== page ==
In an effort to curb employees’ disengagement from the workplace, it has become a new challenge for top management to develop work environment that attracts, retain and motivate its workforce. Organizations are stepping outside their time-tested policies and comfort zones to develop new work environment that satisfy both the psychological and the physical needs of the employees at its core. They are creating work environments where people enjoy what they do, feel like they have a purpose, have pride in what they do and are allowed to reach their full potential. This paradigm may not be unconnected with the new thinking that the work environment affects employee morale, productivity and engagement- both positively and negatively. Furthermore, it is not just a twist of fate that new programs addressing lifestyle changes, work life balance, health and fitness that were previously not considered key benefits are now primary considerations of potential employees, and common practices among the most admired companies. Today’s work environment is different, diverse and constantly changing. The typical employer/employee relationship of old has been modified significantly. Workers are living in a growing ICT driven economy, hence, information and access to job opportunity information are easier and closer. This combination of factors has created an environment where the business needs its employees more. The Nigerian telecommunication industry is witnessing a “close race” competition, making it expedient for telecommunication companies in Nigeria to strive to retain their talented workforce. Beyond competitive remuneration, telecommunication companies are leveraging workplace design (ergonomics) to attract and keep highly skilled personnel in the industry. How well this work environment design contributes to employees’ performance is the task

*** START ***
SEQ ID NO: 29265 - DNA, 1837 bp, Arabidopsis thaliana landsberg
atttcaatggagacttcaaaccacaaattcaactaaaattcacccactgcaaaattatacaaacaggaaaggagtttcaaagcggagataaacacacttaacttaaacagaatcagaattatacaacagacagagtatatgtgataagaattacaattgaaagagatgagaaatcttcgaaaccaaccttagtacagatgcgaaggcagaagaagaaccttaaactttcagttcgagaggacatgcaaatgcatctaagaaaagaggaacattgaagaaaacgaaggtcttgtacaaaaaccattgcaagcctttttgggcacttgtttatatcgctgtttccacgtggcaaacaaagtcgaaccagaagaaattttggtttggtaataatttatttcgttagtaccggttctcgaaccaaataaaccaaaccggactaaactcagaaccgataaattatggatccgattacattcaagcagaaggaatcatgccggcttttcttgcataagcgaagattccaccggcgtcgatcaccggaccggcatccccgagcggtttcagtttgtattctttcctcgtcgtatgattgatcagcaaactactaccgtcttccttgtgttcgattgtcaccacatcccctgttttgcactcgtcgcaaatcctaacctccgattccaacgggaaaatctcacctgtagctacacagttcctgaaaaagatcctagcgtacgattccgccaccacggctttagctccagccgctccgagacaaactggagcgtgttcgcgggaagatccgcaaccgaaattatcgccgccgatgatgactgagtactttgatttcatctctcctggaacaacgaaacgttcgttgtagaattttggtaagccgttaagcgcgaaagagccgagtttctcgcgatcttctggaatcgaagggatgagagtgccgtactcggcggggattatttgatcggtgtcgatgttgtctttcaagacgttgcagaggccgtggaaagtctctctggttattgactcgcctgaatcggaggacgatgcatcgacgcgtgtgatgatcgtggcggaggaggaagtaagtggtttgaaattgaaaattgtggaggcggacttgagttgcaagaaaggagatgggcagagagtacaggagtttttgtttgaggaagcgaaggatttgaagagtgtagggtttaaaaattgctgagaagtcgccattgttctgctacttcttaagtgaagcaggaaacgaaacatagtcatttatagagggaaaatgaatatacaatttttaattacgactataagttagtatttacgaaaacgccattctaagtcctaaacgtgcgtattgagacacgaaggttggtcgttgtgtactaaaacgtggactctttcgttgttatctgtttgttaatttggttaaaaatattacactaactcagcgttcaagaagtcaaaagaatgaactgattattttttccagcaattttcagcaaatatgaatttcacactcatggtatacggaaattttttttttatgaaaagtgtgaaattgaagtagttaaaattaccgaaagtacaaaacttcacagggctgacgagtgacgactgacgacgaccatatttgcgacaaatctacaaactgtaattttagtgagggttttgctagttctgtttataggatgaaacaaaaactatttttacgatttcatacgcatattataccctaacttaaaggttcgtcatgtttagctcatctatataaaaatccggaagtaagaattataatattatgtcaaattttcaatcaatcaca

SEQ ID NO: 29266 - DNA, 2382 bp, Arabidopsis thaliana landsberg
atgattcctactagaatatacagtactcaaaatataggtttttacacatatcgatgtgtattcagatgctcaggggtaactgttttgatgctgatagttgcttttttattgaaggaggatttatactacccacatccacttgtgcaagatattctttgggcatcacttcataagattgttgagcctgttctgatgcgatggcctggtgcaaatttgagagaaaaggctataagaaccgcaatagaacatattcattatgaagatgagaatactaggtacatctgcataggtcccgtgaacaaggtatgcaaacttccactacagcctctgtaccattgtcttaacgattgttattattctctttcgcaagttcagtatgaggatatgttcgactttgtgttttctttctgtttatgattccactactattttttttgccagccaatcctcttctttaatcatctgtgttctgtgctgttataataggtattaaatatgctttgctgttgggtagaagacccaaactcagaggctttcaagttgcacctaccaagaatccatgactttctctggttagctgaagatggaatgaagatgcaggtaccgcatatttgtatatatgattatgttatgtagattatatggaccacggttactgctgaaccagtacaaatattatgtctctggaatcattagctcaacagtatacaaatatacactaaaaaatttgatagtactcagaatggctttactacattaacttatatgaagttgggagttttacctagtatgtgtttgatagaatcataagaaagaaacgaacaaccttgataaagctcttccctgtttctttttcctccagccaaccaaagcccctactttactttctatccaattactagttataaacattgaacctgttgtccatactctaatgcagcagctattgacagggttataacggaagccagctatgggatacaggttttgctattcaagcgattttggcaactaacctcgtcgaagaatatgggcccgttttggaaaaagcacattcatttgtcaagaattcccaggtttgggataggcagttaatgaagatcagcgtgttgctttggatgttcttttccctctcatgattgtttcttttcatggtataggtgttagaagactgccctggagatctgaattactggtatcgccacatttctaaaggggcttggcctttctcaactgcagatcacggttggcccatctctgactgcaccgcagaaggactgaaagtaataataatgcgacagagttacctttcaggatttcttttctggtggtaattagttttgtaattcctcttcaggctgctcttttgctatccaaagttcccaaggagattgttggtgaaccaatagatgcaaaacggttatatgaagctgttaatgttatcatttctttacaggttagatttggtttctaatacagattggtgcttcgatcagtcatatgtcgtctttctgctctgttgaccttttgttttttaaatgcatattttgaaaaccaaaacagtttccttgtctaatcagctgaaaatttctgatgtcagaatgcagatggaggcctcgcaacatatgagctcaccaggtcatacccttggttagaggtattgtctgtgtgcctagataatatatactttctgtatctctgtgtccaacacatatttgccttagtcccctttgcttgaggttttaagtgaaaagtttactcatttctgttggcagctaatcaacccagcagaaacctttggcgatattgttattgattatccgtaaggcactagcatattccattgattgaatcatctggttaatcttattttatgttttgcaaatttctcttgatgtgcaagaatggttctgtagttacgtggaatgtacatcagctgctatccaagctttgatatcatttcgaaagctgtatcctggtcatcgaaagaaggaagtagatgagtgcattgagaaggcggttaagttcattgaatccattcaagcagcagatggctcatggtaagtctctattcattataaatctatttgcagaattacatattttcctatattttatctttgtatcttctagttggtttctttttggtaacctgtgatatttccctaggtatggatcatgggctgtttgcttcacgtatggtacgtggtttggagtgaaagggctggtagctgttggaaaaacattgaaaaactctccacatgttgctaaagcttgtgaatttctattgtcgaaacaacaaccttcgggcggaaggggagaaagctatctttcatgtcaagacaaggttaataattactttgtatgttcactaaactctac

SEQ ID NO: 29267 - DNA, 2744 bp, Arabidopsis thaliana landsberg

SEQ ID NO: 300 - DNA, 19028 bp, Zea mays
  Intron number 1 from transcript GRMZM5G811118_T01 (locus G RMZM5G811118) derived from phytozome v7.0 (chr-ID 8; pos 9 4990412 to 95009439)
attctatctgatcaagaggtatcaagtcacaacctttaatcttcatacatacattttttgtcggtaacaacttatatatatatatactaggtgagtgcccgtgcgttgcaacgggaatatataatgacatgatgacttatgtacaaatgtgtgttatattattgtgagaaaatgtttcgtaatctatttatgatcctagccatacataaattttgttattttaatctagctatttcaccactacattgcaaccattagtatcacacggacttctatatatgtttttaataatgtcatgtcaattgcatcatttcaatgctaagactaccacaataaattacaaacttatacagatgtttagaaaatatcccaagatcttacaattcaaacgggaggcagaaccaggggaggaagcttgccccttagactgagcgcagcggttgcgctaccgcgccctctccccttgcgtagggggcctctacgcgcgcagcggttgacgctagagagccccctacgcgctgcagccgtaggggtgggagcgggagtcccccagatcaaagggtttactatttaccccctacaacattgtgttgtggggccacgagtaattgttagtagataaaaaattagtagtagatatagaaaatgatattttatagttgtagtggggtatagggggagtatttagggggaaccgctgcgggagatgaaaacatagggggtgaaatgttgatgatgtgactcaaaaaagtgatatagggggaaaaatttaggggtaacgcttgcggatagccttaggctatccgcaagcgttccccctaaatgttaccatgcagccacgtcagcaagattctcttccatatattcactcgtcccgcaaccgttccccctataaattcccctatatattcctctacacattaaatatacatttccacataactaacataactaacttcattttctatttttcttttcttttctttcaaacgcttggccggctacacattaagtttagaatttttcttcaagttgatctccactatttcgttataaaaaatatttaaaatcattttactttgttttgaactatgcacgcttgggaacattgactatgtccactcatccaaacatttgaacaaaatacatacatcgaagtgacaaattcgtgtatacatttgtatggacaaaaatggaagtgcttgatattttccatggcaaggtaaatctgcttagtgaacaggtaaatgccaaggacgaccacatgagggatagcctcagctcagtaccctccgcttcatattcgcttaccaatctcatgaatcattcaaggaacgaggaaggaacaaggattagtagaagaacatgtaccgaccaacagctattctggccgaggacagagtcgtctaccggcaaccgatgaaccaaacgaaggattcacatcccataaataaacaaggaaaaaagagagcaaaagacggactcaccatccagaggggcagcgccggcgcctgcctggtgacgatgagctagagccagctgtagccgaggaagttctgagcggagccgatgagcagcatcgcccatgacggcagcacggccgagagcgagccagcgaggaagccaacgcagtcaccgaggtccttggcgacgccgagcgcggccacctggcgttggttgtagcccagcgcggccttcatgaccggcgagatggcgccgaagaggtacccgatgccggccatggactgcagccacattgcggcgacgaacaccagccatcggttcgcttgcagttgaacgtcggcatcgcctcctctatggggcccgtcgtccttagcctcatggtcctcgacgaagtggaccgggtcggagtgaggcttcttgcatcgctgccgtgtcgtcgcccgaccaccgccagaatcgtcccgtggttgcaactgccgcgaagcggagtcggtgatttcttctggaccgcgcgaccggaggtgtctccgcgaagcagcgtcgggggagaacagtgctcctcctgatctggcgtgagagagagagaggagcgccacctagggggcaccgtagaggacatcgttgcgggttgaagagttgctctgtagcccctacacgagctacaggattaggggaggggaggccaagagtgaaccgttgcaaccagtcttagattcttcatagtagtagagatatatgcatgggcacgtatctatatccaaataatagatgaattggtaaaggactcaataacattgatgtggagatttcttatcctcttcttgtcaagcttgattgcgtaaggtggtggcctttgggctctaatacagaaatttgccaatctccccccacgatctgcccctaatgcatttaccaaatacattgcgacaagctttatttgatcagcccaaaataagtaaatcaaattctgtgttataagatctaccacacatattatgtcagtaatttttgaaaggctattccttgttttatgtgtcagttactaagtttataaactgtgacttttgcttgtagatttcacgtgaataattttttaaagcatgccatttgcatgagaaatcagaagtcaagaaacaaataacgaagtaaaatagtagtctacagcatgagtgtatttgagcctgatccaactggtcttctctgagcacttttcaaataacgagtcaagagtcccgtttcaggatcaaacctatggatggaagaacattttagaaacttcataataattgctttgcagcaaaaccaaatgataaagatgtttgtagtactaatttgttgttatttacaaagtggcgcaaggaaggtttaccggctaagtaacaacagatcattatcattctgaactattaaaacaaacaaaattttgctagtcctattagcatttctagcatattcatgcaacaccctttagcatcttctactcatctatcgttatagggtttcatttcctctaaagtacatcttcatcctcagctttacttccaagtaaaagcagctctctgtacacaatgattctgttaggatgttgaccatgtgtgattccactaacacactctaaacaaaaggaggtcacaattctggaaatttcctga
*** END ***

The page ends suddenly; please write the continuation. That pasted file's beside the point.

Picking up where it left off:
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Analytical Study of Cellular Manufacturing